NASCAR cars are not street legal today; while they can be modified and tuned to drive on the street, the stock racing cars are not legal for roads. The main reason why these cars can't drive on the street is because they do not have the same safety features that a normal car would have.
In the early days of auto racing, these cars were in fact "stock cars" and would be completely stock from the factory. Some racers would even drive their cars to the racing events. Today, the narrative is much different as racing cars aren't really stock anymore and only just resemble the name and shape of their showroom counterparts.
The Department of Transportation (DOT) has strict guidelines and regulations that all automobiles operating on the road must follow. NASCAR cars do not have any doors so that makes it hard for passengers to get in and out of the vehicle. There are no lighting systems in these cars meaning they have no visibility at night as well as an inability to use turn/brake signals. Instead of window glass, lightweight Lexan is used which is not nearly as protective as regular glass. Additionally, the engines do not have any mufflers meaning they emit an extremely loud and unpleasant noise, as well as not meeting emission standards in place. For these reasons, NASCAR cars do not meet any of the safety standards set by the DOT.
These cars are designed for racing and would be extremely impractical to drive around on the streets. Interior temperatures can reach up to one hundred thirty degrees fahrenheit and the first gear can go all the way up to sixty miles per hour. These cars are simply designed to race and it would take a lot of modifications to get one these NASCAR cars to become street legal.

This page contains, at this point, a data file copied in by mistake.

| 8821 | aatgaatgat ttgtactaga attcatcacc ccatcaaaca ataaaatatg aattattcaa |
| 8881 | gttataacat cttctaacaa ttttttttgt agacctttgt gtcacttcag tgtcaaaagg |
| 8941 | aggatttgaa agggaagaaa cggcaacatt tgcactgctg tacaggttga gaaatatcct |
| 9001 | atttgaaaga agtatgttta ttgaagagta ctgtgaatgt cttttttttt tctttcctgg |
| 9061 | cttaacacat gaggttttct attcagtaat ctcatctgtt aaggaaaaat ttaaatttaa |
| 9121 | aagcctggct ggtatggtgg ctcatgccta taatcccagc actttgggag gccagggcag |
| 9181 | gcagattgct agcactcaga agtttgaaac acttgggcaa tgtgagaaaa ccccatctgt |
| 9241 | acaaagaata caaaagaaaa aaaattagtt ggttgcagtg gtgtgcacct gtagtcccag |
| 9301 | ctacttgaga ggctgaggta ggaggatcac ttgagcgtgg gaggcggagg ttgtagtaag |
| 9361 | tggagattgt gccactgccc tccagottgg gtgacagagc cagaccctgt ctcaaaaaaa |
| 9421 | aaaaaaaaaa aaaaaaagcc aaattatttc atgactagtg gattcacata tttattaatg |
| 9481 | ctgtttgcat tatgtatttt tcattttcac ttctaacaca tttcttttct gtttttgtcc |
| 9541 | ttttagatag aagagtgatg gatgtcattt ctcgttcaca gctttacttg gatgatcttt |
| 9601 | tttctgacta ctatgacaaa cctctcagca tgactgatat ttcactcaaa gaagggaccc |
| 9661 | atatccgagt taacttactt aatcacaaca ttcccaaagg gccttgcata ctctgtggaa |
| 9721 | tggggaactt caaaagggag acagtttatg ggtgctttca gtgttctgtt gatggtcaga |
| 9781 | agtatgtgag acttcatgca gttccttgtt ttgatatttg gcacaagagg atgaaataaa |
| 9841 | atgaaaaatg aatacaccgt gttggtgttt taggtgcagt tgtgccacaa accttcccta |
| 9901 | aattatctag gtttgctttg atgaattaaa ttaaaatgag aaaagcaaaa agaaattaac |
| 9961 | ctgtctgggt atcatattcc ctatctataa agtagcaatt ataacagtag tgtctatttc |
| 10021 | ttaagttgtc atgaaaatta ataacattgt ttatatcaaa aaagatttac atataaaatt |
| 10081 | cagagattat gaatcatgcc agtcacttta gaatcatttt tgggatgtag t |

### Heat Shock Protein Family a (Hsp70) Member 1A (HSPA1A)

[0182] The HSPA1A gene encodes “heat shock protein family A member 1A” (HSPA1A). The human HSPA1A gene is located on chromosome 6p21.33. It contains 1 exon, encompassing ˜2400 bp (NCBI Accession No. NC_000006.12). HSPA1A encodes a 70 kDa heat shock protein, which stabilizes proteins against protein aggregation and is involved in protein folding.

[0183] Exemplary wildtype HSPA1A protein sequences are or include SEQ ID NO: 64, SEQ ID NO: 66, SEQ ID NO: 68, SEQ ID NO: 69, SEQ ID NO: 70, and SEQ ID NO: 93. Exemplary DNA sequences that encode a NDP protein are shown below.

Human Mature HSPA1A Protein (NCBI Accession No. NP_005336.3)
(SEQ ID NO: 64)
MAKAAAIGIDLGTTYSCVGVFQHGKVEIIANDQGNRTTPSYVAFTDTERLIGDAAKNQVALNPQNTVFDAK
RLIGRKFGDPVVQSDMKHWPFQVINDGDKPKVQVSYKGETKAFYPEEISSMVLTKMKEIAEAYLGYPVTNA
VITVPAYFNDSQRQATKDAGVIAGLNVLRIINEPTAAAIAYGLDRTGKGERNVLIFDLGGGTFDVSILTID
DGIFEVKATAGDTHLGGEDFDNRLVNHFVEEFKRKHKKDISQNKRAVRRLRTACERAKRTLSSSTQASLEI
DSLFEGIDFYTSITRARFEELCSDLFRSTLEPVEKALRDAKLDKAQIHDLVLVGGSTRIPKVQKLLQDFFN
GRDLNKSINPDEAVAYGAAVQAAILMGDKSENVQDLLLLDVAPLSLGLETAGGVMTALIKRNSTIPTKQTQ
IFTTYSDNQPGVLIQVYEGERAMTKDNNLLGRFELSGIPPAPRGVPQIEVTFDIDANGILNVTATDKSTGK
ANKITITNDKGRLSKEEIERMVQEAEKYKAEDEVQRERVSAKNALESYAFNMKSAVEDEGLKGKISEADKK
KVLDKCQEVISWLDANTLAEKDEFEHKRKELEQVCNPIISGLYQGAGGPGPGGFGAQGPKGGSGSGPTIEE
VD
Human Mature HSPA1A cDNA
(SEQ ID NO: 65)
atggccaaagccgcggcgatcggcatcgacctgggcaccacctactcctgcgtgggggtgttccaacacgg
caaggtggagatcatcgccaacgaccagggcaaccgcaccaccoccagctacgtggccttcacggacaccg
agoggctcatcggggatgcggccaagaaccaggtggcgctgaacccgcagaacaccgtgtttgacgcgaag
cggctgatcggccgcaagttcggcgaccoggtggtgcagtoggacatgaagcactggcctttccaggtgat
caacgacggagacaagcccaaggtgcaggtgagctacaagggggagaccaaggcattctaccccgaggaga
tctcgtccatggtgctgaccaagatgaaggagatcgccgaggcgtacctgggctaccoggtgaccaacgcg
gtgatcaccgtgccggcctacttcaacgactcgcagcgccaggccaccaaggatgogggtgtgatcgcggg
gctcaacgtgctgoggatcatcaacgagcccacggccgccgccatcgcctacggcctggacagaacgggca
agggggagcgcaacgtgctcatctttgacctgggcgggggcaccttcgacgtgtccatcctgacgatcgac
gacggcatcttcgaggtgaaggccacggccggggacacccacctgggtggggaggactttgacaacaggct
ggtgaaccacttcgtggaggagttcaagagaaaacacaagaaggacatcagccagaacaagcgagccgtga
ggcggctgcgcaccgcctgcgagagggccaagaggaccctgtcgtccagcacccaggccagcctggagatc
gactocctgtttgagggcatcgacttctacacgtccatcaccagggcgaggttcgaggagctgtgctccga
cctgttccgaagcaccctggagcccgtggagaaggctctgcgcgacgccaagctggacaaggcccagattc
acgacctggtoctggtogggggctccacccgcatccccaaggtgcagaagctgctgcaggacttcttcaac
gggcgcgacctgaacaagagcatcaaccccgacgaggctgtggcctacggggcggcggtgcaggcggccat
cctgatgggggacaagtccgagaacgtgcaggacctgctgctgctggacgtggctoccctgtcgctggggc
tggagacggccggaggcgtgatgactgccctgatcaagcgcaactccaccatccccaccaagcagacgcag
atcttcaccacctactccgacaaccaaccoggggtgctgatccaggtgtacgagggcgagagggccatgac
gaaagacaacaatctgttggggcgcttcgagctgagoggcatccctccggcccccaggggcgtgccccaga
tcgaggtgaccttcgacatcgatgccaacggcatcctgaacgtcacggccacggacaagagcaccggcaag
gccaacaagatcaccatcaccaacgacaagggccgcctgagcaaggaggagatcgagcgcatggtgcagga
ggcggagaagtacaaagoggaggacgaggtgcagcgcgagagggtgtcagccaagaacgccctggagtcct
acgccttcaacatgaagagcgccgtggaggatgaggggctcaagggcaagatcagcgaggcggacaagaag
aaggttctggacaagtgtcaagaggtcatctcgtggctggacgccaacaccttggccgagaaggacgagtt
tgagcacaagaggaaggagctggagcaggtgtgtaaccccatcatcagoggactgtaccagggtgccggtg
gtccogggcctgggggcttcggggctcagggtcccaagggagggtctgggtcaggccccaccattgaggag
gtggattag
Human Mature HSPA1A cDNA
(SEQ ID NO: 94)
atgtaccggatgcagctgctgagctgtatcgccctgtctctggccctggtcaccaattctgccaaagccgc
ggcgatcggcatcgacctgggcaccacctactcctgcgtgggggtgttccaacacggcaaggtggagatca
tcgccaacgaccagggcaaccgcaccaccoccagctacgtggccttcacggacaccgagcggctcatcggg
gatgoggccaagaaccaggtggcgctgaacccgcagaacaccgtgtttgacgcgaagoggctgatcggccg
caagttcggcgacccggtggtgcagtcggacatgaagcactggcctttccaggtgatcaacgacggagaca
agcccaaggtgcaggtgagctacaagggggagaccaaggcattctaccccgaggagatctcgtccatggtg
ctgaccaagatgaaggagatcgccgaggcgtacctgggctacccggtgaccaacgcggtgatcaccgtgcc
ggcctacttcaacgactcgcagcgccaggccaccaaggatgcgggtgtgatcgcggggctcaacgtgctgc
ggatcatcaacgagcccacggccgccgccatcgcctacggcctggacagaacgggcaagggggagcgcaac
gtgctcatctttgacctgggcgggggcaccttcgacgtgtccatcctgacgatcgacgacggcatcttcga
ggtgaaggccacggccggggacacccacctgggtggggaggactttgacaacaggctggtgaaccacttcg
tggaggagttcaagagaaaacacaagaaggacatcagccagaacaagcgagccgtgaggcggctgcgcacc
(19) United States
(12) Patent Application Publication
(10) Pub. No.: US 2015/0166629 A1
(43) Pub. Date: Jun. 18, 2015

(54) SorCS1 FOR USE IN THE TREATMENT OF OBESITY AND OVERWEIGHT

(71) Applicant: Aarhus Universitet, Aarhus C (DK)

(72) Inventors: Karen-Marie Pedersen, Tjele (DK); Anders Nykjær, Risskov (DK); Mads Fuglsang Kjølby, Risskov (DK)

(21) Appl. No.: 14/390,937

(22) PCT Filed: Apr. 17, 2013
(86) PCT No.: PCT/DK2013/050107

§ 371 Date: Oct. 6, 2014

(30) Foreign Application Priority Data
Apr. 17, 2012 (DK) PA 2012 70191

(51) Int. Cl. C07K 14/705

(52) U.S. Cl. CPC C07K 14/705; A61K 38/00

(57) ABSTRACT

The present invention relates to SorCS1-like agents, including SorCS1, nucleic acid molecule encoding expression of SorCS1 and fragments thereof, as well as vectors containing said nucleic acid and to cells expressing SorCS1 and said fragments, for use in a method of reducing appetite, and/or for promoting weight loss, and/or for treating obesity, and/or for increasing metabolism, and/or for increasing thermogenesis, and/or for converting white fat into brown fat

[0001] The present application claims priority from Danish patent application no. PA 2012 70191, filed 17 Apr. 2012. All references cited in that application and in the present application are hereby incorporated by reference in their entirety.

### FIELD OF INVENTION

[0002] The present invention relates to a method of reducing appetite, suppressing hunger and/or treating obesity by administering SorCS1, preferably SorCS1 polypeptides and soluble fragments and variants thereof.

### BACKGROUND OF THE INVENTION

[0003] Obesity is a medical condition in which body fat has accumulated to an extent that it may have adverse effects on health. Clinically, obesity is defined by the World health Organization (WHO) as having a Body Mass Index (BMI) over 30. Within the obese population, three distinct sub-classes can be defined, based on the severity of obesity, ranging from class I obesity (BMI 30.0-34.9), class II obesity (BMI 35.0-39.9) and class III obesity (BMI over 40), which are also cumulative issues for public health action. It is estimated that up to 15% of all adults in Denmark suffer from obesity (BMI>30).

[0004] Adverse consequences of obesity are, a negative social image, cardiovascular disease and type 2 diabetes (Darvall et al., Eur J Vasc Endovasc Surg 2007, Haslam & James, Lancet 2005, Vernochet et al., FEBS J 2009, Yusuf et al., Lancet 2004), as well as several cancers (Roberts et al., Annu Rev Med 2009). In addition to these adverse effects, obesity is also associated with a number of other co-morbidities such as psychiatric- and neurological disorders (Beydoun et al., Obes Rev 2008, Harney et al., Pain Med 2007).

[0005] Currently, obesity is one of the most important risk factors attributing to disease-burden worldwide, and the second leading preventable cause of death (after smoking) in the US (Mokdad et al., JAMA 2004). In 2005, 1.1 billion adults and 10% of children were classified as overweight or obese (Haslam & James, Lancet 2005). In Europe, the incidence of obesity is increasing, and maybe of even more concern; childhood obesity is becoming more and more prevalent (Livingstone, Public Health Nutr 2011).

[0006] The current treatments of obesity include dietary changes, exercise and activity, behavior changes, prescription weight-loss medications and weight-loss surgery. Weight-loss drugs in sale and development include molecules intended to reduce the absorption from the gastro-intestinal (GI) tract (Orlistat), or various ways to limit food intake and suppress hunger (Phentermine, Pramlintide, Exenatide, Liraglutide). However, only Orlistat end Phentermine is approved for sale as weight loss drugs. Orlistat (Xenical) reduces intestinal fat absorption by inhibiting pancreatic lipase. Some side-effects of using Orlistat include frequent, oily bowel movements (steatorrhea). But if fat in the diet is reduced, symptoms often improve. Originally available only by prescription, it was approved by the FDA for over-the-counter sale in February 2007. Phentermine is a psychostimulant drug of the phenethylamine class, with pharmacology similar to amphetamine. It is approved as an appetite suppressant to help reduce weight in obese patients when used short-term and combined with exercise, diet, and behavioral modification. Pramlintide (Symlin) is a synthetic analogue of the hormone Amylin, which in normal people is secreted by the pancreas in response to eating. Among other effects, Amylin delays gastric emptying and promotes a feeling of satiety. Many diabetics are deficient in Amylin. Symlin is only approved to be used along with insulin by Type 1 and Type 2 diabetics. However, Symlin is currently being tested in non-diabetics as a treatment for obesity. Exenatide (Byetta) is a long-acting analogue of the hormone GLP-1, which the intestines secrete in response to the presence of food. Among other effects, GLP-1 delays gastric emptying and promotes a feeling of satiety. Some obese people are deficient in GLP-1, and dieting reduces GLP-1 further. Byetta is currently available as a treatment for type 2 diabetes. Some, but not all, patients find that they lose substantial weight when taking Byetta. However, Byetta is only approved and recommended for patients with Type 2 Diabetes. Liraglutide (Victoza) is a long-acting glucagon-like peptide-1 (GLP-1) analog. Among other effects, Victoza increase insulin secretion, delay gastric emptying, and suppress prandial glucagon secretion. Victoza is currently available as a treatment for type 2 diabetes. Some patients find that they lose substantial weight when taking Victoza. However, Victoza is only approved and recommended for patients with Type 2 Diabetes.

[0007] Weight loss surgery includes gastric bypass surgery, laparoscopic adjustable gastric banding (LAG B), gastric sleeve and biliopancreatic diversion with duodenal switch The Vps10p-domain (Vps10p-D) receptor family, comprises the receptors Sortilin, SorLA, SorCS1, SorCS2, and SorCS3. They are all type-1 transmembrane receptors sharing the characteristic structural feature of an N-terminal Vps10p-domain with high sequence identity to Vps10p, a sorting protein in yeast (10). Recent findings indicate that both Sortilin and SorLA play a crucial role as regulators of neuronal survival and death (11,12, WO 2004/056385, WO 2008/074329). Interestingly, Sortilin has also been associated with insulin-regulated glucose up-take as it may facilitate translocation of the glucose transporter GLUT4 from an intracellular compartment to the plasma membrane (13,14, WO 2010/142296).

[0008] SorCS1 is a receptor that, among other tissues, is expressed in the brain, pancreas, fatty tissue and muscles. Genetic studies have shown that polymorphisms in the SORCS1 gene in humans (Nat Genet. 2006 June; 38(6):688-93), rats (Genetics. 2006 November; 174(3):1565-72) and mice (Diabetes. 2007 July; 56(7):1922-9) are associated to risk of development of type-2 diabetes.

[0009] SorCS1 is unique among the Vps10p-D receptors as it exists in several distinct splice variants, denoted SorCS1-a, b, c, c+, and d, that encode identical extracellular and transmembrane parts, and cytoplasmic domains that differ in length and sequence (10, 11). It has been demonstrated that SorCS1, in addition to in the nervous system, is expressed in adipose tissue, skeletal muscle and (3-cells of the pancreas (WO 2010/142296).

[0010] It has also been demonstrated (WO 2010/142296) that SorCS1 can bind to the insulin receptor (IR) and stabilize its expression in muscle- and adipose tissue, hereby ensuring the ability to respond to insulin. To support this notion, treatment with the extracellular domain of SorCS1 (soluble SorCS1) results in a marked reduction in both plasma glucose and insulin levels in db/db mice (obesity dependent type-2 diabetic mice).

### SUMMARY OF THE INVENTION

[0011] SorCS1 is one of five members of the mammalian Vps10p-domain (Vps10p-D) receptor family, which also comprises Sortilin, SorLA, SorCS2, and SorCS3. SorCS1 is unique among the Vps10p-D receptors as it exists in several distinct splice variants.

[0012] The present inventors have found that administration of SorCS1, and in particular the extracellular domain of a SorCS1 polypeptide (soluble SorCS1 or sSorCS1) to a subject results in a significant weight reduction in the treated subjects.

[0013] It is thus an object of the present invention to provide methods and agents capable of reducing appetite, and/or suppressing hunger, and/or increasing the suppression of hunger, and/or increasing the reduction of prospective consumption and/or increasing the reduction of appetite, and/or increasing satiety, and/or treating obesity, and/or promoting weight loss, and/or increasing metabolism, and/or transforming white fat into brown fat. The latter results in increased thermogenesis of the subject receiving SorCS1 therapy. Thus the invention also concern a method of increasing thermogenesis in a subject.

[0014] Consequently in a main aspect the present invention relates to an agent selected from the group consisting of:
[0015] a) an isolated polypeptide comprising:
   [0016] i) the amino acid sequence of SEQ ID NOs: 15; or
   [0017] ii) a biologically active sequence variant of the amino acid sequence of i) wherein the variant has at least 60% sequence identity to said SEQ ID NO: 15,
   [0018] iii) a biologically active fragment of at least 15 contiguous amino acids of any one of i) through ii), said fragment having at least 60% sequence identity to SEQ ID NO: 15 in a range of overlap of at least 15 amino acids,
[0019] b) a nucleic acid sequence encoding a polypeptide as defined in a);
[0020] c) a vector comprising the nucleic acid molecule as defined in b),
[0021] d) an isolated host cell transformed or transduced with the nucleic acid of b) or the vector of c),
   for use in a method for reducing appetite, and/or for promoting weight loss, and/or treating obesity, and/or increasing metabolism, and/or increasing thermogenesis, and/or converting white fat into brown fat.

In order to make one of these NASCARS cars street legal, it would take a lot of money, work, and dedication. However, there are two examples of NASCAR cars made to be street legal.
The first is a 2008 #5 Mark Martin Conquest car. This car was not built from a NASCAR chassis, but instead it was hand built based on a NASCAR style tube chassis. The car was estimated to cost around $100,000 to construct and took 2,000 man hours to build. The car has been modified to abide by all traffic laws and regulations and has doors so passengers can get it and out freely. This car was priced at $69,000 and set to be auctioned.
Another example of a street legal NASCAR car was actually built off an original NASCAR chassis. It was originally bodied as Chevrolet, but the owner attached the Ford body during the restoration process. The engine is the exact same as the original car, however, the clutch and gearing have been heavily modified to meet the rules of the road.